Tom Friedman writes about how Michigan automakers and Toyota have consistently fought against rises in auto emissions standards. What Friedman doesn’t get is what he calls empty-barrel politics — or the practice by Detroit automakers of constantly fighting against higher and higher MPG standards, even though they have been brought to the verge of bankruptcy by those standards.
It has gotten to the point where dealerships are closing and local used car dealers who can sell used cars with only 20,000 miles that are a lot cheaper are replacing them. And a used Honda dealer has moved into town as well. The fact of the matter is that our automakers have gotten to the point where they can no longer adapt to changing conditions — kind of like Republicans, who are stuck in a time warp and running on Bush’s platform of 2004. Despite the fact that they have outsourced 150,000 of our jobs overseas over the last few years, they are still on the verge of bankruptcy and trying frantically to shed billions of dollars of liability in health insurance and pensions.
And yet, they are ignoring a basic reality of business — they are not making cars that people want, and they are fighting against having to do so. And it seems that Toyota has joined in the racket, out of their own self-interest. This is a matter of branding — they want to be able to show how fuel-efficient their cars are. So, they are joining the effort to undermine our automakers by fighting the very fuel standards that they are following in Europe and elsewhere.
And the Big Three have a key enabler in Washington — John Dingell, the powerful Michigan congressman, who is fighting tooth and nail against any increase in fuel standards for our cars. Friedman explains the battle that is being fought:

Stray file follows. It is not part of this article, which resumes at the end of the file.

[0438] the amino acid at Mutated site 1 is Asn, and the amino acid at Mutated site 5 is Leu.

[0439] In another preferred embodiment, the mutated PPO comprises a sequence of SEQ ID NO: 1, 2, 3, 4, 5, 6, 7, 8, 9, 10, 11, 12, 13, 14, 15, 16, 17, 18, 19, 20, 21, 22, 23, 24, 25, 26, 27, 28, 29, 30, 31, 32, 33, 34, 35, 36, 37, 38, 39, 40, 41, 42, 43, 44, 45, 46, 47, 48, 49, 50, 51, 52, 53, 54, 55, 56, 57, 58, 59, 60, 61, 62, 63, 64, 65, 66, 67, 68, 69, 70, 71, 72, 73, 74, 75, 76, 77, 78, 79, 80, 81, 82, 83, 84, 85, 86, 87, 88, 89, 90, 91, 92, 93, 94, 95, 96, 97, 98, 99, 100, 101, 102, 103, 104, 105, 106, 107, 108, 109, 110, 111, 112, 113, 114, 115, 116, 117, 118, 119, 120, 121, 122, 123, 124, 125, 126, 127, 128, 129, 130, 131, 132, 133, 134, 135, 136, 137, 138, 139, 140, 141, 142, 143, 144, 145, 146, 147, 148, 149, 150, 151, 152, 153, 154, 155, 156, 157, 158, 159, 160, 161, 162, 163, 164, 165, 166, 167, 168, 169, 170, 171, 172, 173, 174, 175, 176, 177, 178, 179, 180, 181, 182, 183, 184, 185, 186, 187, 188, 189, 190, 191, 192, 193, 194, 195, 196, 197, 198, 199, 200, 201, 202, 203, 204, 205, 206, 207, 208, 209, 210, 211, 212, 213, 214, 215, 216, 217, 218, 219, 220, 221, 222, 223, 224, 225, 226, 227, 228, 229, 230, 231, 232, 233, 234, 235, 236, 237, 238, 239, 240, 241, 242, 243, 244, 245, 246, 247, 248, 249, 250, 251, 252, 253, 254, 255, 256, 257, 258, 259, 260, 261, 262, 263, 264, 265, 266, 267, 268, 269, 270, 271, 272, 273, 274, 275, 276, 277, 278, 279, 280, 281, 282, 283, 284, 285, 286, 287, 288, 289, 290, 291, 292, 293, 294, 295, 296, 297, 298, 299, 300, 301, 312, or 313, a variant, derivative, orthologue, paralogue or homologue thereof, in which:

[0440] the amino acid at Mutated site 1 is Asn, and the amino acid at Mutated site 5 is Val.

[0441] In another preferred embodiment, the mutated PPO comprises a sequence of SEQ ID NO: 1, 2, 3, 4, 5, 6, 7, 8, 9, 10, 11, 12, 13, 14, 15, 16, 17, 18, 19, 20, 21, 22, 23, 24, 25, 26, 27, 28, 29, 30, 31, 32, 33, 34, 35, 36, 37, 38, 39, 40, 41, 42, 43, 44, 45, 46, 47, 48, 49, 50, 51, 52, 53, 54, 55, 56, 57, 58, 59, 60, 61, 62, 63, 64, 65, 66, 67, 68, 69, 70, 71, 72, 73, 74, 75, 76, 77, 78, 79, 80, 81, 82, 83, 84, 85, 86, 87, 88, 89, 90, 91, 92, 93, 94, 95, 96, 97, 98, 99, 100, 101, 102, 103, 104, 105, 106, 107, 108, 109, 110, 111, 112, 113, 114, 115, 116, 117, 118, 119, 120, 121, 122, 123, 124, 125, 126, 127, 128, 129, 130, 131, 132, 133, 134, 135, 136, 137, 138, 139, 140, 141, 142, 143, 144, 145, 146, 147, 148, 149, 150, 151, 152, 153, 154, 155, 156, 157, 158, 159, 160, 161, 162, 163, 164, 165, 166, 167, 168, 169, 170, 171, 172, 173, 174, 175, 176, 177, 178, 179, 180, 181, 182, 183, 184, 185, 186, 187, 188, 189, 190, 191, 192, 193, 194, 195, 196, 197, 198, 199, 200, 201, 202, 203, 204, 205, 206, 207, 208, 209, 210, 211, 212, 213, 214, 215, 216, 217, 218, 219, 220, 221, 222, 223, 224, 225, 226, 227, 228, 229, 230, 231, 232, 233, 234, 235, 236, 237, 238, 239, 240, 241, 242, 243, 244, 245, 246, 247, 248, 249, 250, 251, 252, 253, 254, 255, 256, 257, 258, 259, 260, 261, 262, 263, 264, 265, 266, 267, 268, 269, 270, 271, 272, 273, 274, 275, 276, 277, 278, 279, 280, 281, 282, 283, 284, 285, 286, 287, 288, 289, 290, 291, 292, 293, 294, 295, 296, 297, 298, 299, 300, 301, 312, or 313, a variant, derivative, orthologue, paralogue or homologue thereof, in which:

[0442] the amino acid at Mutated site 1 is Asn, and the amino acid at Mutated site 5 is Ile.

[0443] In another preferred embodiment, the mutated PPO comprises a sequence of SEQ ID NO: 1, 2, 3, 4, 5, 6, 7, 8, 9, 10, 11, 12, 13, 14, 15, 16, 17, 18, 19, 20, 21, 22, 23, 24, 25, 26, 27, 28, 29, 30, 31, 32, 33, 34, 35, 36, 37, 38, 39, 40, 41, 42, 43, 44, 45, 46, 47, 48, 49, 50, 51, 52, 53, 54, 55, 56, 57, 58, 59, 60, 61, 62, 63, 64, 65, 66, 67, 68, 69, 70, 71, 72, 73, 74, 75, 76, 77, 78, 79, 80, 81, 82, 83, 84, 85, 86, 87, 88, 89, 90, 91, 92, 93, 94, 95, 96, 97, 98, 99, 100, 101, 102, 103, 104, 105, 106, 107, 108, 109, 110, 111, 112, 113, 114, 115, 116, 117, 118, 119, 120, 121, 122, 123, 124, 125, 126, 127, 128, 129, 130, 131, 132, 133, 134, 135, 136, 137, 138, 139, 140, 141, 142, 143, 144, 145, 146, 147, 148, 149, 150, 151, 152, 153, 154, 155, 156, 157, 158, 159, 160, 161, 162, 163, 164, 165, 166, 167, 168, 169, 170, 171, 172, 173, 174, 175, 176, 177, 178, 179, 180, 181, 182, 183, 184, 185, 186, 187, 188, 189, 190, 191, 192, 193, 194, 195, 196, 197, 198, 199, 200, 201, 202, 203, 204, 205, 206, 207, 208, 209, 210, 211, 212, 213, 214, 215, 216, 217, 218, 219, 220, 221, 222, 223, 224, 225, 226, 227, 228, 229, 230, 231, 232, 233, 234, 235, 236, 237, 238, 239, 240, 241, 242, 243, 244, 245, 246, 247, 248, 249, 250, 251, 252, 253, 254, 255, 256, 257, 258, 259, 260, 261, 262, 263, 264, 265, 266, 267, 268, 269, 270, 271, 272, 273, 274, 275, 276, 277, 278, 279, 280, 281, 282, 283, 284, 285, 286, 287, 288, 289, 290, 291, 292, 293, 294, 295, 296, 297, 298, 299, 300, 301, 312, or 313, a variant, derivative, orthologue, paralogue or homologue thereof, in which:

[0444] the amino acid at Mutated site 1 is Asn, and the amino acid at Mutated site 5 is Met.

Not so fast. Here are the facts: Thanks to the Michigan delegation, U.S. mileage standards for passenger car fleets have been frozen at 27.5 miles per gallon since 1985. Light trucks are even worse. The Senate energy bill calls for U.S. automakers to achieve a corporate average fuel economy of 35 m.p.g. by 2020. The Big Three and Toyota are lobbying to kill the Senate version and replace it with a loophole-laden increase to 32 to 35 m.p.g. by 2022. (Only the U.S. auto industry would try to postpone innovation.) The difference between the two is millions of gallons of gas.
Don’t be fooled. Japan and Europe already have much better mileage standards for their auto fleets than the U.S. They both have many vehicles that could meet the U.S. goal for 2020 today, and they are committed to increasing their fleet standards toward 40 m.p.g. and above in the coming decade. So Toyota, in effect, is lobbying to keep U.S. standards – in 2022 – well behind what Japan’s will be.
And the fact that Dingell is one of their chief enablers suggests that he is a liability to the party and to the country, given that he is putting his own interests ahead of the interests of the country. But on the other hand, this is one issue — is he as bad on other issues as he is on this one? Obviously, we cannot make an effective case for primarying based on one issue alone. We have to be able to make the case that he is doing this sort of thing across the board.
Modern science suggests that in order for us to survive as a race, we must be able to reduce our carbon emissions by 80% by the year 2050. That means that we must be able to make sacrifices so that we can achieve those ends. The problem is that Dingell is undermining that goal by representing the auto industry instead of the people who elected him.